Bali, November 2010
17th to 20th November 2010
Leaving Bali, the plane taxied west along the strip of concrete jutting into the surf and turned. The surf led the way, power, weight pushing me back into my seat. We followed the surf, passed it and lifted over the Denpassar isthmus and the boats to the east. Climbing, turning north, rising above the clouds that hid the bulk of the island. Away, and three days in paradise, or one small, guarded, developed corner of paradise, was over.
It had started with landing on that same, thin rectangular peninsular and disembarking through the normal boarding tunnel into a terminal that may have been converted from a Balinese temple, with red-painted brick walls and bass-relief carvings. Once through the crowds at immigration and customs, the taxi took me past statue after statue: a pair at either end of the airport approach, modern soldiers, a great white chariot, with plunging horses and a hero from the Maharabat improbably standing astride two of the horses' heads, challenging the charioteer. All along the road, smaller statues, some surmounting wall posts or guarding bridge ends, Balinese demons, with chequered skirts around their bases. Then, a giant surfer on blue and white waves, in front of a surf shop, further on, a complex temple, rising towards its centre. Scooters dodge between the lanes of traffic, oddly, my taxi dodges between then too, suddenly straddling two lanes to overtake between two scooters, the one on the left ridden by a young man, his wife behind holding their baby between.
Cultures mixing: Hindu, Balinese, surfer western, Muslim; perhaps uneasily. The taxi arrives at a security checkpoint, a guard checks beneath the car with a mirror, and then in the boot. We are waved through into the resort area. Signs point to every major hotel chain, we follow the Grand Hyatt, and reach another security checkpoint at the drive. The taxi stops under a high, red roof with a marble path leading across a lilly pond to the lobby, but first, there is a bag check and a metal detector. The Bali resort is in security conflict, it wants to reassure tourists they are safe, but not actually inconvenience them with really stringent checks.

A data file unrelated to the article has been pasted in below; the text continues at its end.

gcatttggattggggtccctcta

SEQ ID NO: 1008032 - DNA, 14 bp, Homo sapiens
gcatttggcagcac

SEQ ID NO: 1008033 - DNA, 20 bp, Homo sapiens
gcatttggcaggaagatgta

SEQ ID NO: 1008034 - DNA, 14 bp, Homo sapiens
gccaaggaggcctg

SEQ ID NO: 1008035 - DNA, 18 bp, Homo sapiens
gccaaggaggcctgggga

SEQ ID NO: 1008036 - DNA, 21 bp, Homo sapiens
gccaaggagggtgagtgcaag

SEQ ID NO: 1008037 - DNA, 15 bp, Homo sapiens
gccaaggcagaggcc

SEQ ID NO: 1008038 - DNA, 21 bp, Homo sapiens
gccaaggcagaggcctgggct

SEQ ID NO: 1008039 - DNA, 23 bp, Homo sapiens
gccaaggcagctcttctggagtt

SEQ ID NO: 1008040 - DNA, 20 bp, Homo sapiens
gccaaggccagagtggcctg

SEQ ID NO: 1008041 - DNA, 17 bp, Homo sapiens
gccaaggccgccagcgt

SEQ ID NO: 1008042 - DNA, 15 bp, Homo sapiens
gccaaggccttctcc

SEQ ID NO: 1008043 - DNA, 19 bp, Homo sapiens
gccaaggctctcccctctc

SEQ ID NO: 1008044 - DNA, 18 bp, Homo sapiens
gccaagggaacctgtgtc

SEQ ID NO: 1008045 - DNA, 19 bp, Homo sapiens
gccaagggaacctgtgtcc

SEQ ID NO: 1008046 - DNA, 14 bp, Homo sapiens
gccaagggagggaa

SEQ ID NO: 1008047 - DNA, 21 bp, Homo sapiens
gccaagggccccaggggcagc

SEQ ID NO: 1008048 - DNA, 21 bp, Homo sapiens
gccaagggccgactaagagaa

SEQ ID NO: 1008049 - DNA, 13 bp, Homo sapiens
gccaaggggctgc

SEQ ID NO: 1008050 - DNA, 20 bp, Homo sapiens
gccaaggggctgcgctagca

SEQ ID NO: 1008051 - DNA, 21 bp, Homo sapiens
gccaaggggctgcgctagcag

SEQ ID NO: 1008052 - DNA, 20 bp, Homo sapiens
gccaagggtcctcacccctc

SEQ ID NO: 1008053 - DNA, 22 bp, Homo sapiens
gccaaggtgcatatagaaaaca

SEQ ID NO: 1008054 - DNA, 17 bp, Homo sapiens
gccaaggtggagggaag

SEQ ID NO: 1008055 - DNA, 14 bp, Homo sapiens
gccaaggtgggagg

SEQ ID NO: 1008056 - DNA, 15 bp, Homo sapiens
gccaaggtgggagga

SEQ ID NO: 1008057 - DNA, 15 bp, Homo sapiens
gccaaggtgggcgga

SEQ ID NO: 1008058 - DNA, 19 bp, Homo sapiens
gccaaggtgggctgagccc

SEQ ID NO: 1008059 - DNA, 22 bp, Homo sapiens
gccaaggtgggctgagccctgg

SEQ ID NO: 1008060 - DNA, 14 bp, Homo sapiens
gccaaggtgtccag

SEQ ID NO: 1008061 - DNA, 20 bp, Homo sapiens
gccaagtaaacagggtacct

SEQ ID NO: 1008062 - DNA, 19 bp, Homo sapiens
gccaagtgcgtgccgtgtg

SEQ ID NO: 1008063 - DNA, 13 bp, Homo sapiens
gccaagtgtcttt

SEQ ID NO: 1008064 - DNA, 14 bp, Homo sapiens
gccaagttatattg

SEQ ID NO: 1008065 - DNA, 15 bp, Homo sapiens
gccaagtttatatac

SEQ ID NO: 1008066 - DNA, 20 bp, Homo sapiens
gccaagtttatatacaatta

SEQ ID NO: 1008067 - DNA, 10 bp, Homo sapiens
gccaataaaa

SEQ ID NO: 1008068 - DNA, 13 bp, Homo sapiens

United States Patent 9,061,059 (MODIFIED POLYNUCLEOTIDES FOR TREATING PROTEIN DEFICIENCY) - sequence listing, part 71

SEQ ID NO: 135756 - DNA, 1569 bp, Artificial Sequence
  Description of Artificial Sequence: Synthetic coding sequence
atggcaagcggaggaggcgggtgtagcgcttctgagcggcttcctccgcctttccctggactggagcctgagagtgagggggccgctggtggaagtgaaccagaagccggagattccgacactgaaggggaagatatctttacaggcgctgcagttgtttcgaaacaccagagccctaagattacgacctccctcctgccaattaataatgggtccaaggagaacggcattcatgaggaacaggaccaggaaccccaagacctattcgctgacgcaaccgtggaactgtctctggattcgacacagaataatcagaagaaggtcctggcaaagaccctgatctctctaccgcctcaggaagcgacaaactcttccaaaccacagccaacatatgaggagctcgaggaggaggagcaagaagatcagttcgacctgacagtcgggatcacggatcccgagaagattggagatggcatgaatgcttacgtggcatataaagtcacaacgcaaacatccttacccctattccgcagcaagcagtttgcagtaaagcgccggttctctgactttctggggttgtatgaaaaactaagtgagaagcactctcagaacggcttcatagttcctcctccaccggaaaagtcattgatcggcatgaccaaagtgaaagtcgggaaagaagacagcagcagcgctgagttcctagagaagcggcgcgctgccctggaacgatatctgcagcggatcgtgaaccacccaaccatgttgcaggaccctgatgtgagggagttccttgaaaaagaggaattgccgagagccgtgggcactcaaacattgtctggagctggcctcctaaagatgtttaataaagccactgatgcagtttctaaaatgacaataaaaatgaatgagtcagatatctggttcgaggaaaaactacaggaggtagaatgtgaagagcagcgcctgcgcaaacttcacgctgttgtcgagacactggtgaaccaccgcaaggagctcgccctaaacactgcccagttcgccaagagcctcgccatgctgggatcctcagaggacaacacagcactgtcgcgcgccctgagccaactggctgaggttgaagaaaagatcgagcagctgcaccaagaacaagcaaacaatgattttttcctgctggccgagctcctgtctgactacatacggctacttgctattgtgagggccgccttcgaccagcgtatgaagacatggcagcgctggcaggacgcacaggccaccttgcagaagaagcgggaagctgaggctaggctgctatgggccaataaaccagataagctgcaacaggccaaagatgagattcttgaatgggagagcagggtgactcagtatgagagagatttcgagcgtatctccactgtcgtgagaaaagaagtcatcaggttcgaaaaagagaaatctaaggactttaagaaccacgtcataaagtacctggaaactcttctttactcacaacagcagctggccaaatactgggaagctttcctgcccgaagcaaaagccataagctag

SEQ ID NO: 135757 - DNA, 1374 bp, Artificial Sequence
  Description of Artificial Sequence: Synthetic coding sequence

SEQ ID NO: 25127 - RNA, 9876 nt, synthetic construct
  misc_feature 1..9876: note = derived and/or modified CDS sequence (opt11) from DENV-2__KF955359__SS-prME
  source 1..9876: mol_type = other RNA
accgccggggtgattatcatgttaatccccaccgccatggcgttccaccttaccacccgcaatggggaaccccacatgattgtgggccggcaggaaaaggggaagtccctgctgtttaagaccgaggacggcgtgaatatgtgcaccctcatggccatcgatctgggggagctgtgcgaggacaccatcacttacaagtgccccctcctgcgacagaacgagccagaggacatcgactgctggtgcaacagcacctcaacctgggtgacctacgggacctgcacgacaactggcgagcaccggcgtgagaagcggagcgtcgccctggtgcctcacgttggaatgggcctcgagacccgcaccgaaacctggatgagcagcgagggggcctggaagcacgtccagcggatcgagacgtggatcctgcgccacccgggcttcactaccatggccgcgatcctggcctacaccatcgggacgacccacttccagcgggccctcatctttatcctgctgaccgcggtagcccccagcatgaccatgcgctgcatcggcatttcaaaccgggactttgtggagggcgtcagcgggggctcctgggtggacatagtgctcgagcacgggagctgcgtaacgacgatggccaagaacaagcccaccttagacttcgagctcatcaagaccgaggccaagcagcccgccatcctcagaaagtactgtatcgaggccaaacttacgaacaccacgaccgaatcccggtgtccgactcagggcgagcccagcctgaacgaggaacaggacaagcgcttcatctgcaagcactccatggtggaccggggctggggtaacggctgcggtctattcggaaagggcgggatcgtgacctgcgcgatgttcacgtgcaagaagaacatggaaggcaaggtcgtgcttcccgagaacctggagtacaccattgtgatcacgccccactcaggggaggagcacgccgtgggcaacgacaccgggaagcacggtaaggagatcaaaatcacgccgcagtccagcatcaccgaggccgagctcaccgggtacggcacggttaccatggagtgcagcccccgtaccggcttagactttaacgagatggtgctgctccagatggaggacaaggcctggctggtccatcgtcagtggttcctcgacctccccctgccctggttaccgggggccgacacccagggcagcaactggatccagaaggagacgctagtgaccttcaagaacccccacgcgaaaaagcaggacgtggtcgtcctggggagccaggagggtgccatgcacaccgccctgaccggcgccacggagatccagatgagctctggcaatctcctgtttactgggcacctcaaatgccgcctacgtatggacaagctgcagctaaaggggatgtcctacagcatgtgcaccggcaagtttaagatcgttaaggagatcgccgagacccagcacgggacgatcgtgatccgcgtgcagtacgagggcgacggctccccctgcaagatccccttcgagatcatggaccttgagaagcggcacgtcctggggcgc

Skipping a guide to my room, I'm led through covered walkways to my first meeting. The meeting ends as dusk approaches, and I search for my room. I walk through tree-shaded courtyards, past green pools, between red-roofed blocks of rooms and along twisting corridors. Eventually, I find my room, large, with wide-slatted Venetian blind between the bath and the bedroom. A shower and a skype-meeting later, I venture into the frog-filled night to find the pool party. More dark, twisting corridors, following a map with no paths, dimly lit. I reach the beach front. White surf on a black sea.
Breakfast shaded by a banyan tree, beside a pond. A grey heron stands on a stone in the middle, waiting for its breakfast. A squirrel runs round a branch of the tree and disappears. Across the restaurant, another grey heron stands on a small red roof. Later, a white egret with a sinuous neck chases it away.
Time for the conference to start, but first, a maze of leafy courtyards to be traversed. A metal detector for me and a guard for my bag ensure the safety of the conference, as long as the attackers choose the middle door.
A day spent in the cool darkness of the hall, with occasional refreshment breaks. A meeting in the lobby lounge, brilliant sunshine around me, I recline in an armchair, sipping my coffee below the high roof. A movement by the sunlit pool districts me from business, a 30cm lizard has slipped into the pool and disappears from view. What species was it? A lounge lizard?
I walk through the gardens before dinner, a profusion of life all around me, a carefully restrained tropical jungle. A black and white bird, far away on top of a tennis-court floodlight jerks its tail up each time it cries. A swarm of small, square-tailed swifts gyrate above me, too fast for my camera to catch. Strange, white, round-ended cylinders hang from a tree, are they aerial tubers or fruit?